Up On Cripple Creek

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The First Dance at The Last Waltz Up Cripple Creek with a paddle getting puddled


It’s Levon’s world, we only live in it.

This may be the definitive live Levon Helm performance. It’s their first song upon taking the stage at The Last Waltz – and Levon took control, grounding not only his Band, but everybody in Winterland. And that’s quite a crew. This was the closest thing to a royal coronation the rock world had ever experienced – due almost entirely to the great visionary show producer, Bill Graham. But everything from the overwhelming camera presence, to all the all-star guests including Beatles, Stones, and Dylans, to the small venue, to the magnitude of the event, to the amount of drugs backstage, this has got to be one of the hardest opening songs to ever play in history. (see, also: Havens, Richie)

Just like Christina Aguilera's James Brown turn at the Grammies, extra credit must be given considering a performance’s circumstances, conditions and who else is in the room watching; and here the props go to the Bandleader who first led these shy Canadian ragamuffins into a world of Southern barroom swing. Just as it was always Lennon who had to step up in The Beatles’ big moments, it’s, “Give the ball to Levon, he won’t drop it.” And man, does he take control.
I can’t think of another performance on film of Levon delivering with this passionate precision. If you know of a better one, do share.
It’s the crack of his bat: the Charlie Watts solidity with the Memphis funk; A rock attack with a folk singer’s sensibility. As Bill Graham put it so simply, “The thump of Levon’s drums is different than any other thump.” It’s the snap, the on-the-beat and nuthin-else, the jazz subtly during a rock thunder-clap.
And Lord love that “shoadle shack and yoddle yak” climax when he’s roundin’ third and headin’ for home! Groove complete. The show may begin.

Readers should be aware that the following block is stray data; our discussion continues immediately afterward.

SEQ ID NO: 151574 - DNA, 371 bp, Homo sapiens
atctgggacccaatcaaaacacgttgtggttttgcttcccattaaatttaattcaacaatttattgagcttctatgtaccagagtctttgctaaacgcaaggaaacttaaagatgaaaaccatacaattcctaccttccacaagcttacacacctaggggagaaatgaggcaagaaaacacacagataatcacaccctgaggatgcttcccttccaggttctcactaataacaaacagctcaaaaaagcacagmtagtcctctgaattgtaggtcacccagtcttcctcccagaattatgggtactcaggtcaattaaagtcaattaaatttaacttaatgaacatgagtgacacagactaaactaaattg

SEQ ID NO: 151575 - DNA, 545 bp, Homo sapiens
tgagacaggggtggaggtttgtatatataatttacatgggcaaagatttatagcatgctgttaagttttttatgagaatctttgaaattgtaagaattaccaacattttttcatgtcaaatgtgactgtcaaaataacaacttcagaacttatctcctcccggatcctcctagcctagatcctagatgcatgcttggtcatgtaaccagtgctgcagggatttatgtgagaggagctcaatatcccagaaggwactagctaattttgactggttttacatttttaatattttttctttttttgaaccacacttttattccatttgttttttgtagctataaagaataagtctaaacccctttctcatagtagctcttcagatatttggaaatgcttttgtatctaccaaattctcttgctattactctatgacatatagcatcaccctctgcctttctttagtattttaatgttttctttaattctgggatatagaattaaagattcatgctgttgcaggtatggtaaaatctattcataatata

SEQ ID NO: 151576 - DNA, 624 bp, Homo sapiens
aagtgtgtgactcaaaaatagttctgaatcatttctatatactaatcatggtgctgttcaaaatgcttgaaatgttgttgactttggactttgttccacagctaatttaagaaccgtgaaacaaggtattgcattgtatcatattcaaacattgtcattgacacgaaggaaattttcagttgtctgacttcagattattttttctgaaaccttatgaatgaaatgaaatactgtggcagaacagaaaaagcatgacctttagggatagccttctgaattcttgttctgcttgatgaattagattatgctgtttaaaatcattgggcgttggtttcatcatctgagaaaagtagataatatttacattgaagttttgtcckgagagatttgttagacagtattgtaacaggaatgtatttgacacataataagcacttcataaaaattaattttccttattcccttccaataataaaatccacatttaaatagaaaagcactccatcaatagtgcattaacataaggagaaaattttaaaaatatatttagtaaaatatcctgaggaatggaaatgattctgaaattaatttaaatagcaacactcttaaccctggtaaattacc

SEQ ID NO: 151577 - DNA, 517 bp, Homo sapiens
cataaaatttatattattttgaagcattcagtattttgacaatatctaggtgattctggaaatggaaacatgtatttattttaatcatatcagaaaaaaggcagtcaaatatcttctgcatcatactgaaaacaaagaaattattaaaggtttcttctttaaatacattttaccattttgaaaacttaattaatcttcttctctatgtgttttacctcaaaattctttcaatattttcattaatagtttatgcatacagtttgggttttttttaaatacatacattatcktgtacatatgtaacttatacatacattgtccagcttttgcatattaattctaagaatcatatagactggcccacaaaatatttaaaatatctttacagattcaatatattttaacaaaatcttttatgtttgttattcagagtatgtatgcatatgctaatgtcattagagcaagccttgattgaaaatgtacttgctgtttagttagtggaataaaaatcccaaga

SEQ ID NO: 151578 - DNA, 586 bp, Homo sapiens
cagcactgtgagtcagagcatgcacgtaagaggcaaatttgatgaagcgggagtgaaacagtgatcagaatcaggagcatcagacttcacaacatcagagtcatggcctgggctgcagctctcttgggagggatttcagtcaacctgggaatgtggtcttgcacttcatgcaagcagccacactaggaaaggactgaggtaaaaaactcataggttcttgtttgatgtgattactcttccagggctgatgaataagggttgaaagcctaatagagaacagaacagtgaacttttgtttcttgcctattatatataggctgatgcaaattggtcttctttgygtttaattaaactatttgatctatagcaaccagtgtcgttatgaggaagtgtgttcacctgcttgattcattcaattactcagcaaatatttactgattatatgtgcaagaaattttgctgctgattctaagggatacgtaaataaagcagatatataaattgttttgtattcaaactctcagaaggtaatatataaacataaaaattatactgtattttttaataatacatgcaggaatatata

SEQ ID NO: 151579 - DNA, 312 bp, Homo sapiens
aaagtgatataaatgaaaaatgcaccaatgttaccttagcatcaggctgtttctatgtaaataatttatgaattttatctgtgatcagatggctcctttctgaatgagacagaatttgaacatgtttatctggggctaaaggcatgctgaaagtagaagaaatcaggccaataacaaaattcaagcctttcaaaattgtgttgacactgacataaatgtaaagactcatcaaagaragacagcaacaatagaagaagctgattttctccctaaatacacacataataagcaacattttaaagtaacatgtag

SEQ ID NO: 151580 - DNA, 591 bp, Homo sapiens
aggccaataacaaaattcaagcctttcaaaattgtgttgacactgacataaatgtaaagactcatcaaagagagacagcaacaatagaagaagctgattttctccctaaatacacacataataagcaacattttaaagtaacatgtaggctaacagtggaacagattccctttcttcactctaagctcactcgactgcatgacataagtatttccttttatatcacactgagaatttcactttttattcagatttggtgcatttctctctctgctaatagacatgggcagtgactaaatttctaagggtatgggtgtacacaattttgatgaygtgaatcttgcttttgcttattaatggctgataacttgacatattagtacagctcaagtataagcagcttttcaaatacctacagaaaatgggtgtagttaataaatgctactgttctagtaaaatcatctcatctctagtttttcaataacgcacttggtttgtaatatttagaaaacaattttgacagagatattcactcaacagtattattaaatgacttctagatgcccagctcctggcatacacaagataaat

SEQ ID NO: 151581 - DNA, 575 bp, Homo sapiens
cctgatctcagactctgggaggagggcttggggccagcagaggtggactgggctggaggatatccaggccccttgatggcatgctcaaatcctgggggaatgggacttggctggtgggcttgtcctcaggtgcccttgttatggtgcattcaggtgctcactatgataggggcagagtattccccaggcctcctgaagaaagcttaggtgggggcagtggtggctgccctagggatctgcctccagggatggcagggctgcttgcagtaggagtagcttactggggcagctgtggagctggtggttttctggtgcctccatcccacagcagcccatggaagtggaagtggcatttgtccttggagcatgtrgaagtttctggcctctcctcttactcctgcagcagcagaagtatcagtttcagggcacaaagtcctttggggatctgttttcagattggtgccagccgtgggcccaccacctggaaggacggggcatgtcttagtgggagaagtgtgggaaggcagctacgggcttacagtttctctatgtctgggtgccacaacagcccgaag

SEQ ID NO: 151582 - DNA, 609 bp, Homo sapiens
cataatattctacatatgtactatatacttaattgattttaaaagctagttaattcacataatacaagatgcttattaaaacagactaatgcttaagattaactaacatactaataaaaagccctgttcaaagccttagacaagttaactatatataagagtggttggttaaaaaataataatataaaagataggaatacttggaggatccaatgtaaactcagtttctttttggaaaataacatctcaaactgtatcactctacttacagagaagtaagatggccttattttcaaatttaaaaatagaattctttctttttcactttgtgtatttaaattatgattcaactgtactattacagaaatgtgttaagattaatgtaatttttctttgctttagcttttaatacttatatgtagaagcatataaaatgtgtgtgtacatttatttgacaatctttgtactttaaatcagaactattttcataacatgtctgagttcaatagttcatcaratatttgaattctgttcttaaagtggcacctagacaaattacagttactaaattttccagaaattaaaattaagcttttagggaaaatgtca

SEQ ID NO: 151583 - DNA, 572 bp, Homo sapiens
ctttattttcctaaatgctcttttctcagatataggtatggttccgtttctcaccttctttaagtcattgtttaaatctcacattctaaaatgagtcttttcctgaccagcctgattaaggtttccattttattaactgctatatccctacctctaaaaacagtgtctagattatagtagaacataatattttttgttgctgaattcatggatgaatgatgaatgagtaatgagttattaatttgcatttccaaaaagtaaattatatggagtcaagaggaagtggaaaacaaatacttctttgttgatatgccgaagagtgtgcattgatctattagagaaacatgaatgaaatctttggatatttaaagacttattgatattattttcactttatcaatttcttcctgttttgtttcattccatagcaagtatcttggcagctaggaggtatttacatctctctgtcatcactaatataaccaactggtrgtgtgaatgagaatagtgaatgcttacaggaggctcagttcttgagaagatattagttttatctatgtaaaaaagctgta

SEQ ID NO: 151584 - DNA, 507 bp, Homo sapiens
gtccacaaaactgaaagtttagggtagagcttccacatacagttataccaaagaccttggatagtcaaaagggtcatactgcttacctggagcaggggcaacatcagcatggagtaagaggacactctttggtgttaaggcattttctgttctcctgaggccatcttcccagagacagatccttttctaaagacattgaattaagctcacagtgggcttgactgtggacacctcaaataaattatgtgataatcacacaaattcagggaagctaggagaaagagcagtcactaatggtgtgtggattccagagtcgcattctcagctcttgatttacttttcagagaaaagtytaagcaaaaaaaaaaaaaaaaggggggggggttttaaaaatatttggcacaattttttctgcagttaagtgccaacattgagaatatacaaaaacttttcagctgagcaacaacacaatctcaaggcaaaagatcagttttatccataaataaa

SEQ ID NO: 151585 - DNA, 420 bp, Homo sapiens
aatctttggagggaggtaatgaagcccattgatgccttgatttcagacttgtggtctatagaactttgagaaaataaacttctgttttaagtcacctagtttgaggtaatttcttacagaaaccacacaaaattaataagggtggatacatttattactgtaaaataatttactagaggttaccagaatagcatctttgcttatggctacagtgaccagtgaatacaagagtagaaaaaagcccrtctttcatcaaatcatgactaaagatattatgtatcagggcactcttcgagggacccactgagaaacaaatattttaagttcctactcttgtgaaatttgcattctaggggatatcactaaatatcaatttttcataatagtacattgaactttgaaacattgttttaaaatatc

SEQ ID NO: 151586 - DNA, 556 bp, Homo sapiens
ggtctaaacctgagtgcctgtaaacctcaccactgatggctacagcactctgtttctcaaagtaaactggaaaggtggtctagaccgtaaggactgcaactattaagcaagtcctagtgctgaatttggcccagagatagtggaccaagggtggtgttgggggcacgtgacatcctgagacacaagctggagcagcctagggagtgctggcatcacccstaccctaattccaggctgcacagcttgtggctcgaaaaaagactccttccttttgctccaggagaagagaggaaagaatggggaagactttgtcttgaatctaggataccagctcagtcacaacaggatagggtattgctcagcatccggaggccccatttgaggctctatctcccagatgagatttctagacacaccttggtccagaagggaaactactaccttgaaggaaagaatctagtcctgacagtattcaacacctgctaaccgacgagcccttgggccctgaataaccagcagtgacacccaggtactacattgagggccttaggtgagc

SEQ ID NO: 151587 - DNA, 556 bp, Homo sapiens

And P.S. have you ever tried drumming and singing lead? I don’t know how anybody does it, let alone this well.
Up On Cripple Creek” is The Band’s love-ode to the road. Like the engaging story-telling they consistently conjure, so too is this Magical Musical Evening composed, with the curtain opening to this confessional evocation from the characters. They may be singing …
“And this livin’ off of the road is getting pretty old,”
Except . . .
“But ya know, deep down, I’m sorta tempted to go and see my Bessy (the road) again.” And there lies the caveat clue to Levon’s long performing life that’s continued to this day, despite health issues that woulda killed ten men.
Creek and Stage Fright are the two devils on so many musician’s shoulders. The horror of the man with the stage fright “standin’ up there to give all his might,” versus the “anything she could do” of the happy “drunkard’s dream” on the road that tore at this Band and almost all others. And here we hear each of the devil’s songs sung as by angels.   

The Band: (left to right): Richard Manuel (keyboards & vocals); Rick Danko (bass & vocals); Garth Hudson (organ); Robbie Robertson (guitar & vocals); Levon Helm (lead vocals & drums).

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